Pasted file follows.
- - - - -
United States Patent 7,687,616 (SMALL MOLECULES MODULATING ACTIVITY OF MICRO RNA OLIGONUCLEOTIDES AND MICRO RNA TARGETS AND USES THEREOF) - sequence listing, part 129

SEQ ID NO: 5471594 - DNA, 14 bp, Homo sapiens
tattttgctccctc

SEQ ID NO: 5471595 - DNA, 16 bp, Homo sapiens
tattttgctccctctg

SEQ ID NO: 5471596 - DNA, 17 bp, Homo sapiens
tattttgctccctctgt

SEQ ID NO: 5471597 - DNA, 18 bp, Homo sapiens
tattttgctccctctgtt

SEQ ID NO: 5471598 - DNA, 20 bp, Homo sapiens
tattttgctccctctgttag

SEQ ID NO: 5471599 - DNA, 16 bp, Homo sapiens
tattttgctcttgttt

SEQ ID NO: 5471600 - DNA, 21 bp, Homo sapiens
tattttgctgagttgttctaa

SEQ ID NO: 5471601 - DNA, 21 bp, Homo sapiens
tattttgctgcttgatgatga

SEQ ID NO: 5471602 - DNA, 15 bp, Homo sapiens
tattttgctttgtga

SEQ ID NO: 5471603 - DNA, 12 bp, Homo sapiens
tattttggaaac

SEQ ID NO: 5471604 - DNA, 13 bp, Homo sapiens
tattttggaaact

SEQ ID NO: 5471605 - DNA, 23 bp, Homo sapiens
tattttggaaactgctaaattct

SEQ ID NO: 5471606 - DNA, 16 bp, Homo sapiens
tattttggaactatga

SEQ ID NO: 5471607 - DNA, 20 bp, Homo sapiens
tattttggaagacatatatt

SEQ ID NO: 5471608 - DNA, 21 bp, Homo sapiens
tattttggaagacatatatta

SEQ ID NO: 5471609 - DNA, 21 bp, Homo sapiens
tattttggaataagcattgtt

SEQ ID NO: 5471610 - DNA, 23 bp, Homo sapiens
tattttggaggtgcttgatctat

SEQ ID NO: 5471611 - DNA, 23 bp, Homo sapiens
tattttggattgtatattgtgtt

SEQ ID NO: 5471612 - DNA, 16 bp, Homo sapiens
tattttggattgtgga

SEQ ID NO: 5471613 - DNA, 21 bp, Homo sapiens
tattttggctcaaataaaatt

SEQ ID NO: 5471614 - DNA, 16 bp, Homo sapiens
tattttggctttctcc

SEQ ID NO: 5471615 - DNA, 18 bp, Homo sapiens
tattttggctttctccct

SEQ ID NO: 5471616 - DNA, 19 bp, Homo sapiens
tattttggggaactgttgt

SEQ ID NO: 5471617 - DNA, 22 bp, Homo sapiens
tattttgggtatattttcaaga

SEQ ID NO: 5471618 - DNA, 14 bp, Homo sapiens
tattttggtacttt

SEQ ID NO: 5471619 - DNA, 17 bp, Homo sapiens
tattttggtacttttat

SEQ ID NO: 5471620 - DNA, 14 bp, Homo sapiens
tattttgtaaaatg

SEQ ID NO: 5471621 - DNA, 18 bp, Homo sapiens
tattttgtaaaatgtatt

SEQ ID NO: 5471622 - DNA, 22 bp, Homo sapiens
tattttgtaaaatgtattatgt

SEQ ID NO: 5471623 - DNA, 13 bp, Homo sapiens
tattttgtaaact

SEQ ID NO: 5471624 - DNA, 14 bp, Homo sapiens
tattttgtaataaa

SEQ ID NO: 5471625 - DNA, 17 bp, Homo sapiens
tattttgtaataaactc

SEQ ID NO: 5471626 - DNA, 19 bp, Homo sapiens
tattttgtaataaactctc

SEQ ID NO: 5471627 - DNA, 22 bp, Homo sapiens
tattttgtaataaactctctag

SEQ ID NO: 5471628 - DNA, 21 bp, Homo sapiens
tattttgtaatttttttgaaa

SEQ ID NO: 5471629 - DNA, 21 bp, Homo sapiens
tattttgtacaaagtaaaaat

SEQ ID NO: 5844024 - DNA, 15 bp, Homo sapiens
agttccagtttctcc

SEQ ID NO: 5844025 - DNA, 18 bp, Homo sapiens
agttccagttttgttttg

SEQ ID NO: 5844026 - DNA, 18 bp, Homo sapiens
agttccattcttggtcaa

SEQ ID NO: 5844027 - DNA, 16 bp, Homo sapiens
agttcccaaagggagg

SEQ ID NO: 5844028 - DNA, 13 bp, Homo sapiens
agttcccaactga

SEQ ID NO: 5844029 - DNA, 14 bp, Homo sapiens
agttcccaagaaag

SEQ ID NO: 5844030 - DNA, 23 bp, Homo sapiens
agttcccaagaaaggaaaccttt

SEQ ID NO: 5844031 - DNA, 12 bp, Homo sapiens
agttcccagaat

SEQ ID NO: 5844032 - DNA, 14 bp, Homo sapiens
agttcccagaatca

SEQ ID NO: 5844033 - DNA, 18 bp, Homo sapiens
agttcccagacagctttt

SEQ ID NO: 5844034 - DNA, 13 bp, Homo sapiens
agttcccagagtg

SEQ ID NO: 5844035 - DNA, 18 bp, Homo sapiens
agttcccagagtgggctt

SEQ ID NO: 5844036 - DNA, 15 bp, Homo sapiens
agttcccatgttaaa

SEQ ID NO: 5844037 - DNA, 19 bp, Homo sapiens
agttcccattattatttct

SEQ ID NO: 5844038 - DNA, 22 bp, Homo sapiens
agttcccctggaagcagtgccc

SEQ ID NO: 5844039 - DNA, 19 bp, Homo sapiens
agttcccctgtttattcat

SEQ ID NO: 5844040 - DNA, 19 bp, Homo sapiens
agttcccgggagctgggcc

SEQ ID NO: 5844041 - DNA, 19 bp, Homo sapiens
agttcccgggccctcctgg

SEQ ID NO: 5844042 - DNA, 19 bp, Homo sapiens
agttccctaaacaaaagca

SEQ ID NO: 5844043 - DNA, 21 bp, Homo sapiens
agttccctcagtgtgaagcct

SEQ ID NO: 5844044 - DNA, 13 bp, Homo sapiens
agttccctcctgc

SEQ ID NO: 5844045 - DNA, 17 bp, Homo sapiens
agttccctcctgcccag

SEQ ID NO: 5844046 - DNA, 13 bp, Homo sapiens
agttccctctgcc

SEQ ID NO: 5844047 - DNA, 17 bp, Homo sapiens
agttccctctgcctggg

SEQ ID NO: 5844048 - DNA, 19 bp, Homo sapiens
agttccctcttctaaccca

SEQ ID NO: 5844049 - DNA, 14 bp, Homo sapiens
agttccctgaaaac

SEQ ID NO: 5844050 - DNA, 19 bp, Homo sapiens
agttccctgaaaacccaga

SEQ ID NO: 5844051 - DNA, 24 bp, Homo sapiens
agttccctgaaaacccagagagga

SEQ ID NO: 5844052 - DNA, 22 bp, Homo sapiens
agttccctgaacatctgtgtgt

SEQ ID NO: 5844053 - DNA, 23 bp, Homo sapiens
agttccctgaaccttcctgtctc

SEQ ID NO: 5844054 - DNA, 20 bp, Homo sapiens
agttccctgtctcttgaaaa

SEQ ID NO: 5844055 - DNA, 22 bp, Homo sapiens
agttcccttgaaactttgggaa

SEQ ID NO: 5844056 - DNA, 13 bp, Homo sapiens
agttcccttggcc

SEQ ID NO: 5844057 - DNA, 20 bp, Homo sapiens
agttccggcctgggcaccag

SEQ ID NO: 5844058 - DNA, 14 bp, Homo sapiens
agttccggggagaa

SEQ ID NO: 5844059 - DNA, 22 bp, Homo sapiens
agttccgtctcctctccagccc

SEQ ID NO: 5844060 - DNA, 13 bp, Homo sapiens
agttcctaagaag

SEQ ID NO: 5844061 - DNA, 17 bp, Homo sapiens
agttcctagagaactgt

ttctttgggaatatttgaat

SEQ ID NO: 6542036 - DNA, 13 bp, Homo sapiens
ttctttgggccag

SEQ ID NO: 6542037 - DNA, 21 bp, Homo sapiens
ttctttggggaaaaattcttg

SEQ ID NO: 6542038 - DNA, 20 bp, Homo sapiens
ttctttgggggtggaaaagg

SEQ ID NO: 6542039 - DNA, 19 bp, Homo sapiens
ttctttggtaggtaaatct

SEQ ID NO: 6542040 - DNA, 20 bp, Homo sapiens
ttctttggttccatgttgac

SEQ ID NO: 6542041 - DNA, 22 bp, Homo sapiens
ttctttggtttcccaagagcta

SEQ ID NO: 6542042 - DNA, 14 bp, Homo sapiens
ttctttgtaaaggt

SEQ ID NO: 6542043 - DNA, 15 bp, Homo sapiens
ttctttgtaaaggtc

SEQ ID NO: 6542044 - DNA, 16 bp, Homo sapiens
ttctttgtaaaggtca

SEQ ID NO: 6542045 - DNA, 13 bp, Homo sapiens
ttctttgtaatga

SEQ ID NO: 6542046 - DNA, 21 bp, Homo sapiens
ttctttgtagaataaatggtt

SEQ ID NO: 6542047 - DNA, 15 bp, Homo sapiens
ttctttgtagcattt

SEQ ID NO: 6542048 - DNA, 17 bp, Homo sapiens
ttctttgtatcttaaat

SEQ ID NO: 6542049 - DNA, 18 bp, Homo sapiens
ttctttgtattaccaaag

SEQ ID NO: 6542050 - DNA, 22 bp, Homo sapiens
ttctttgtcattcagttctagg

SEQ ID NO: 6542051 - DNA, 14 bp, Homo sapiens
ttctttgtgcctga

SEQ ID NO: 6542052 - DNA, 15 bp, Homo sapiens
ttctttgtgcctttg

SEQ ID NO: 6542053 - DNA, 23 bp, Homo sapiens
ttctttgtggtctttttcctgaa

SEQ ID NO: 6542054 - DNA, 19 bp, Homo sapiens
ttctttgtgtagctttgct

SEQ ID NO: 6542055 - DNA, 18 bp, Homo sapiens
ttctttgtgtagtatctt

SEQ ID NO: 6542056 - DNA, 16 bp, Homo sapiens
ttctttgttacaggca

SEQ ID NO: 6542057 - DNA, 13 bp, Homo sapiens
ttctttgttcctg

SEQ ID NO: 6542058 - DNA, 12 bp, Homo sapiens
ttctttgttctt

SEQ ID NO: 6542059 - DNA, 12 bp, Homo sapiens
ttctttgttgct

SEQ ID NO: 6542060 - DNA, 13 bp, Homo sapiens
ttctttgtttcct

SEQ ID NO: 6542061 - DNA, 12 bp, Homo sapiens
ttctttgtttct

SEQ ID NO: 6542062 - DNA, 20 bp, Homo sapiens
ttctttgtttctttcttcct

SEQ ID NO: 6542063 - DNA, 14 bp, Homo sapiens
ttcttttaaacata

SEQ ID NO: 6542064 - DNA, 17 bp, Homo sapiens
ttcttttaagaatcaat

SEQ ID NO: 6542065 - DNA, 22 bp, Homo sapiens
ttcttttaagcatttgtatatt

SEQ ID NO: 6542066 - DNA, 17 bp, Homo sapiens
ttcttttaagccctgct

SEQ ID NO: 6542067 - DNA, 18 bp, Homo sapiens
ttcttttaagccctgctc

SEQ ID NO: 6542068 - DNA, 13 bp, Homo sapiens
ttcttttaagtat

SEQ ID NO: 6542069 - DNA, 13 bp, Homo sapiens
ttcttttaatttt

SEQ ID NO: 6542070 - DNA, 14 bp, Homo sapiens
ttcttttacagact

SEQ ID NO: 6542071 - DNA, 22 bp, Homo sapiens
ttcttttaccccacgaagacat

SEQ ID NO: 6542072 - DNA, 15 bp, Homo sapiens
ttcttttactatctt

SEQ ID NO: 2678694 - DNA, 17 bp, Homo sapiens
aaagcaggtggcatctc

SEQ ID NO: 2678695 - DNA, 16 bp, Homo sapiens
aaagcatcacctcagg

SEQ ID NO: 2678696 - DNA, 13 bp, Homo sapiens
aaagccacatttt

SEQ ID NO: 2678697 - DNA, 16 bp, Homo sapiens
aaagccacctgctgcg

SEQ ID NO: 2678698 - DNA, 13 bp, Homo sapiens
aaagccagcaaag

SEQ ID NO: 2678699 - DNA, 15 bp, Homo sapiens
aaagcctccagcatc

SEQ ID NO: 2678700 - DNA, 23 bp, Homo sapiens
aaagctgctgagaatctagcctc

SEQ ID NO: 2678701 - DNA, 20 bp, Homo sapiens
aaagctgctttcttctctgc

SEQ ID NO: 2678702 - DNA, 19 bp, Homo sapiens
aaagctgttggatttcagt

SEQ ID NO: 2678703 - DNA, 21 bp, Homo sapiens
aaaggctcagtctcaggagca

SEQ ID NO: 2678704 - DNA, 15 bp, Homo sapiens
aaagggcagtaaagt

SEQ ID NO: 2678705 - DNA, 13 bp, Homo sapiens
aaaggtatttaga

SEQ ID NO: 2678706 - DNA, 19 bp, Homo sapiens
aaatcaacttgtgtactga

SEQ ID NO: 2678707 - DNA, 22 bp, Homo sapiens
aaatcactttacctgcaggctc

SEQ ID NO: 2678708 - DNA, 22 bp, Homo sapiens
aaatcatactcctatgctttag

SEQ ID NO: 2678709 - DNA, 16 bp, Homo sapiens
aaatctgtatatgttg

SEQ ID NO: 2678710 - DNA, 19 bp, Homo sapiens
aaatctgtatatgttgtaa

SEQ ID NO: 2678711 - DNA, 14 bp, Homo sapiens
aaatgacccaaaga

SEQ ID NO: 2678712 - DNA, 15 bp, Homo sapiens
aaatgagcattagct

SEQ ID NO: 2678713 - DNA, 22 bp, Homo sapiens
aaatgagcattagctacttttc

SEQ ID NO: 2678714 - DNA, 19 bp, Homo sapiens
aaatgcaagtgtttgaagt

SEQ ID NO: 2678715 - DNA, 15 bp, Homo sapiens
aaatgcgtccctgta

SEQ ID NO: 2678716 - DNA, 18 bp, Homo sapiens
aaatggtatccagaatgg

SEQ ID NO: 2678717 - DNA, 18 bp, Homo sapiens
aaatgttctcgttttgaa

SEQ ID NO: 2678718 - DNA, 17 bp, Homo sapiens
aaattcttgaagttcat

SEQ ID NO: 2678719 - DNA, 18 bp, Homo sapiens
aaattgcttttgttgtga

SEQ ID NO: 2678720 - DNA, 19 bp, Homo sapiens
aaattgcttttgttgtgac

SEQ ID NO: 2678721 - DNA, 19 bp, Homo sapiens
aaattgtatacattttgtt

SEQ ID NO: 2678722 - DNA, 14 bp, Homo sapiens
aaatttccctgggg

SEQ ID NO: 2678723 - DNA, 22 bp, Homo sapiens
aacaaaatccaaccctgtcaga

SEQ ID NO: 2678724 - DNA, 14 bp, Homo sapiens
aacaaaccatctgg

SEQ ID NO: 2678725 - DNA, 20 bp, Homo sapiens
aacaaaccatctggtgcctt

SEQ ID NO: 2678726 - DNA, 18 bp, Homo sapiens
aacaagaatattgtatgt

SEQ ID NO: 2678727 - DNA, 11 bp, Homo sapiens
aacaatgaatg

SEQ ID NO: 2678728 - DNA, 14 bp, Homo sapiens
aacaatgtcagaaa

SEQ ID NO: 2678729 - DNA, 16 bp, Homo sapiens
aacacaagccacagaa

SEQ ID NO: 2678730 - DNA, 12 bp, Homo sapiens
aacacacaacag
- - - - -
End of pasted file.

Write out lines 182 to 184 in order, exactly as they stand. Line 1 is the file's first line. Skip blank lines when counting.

ttctttgtgcctga

SEQ ID NO: 6542052 - DNA, 15 bp, Homo sapiens
ttctttgtgcctttg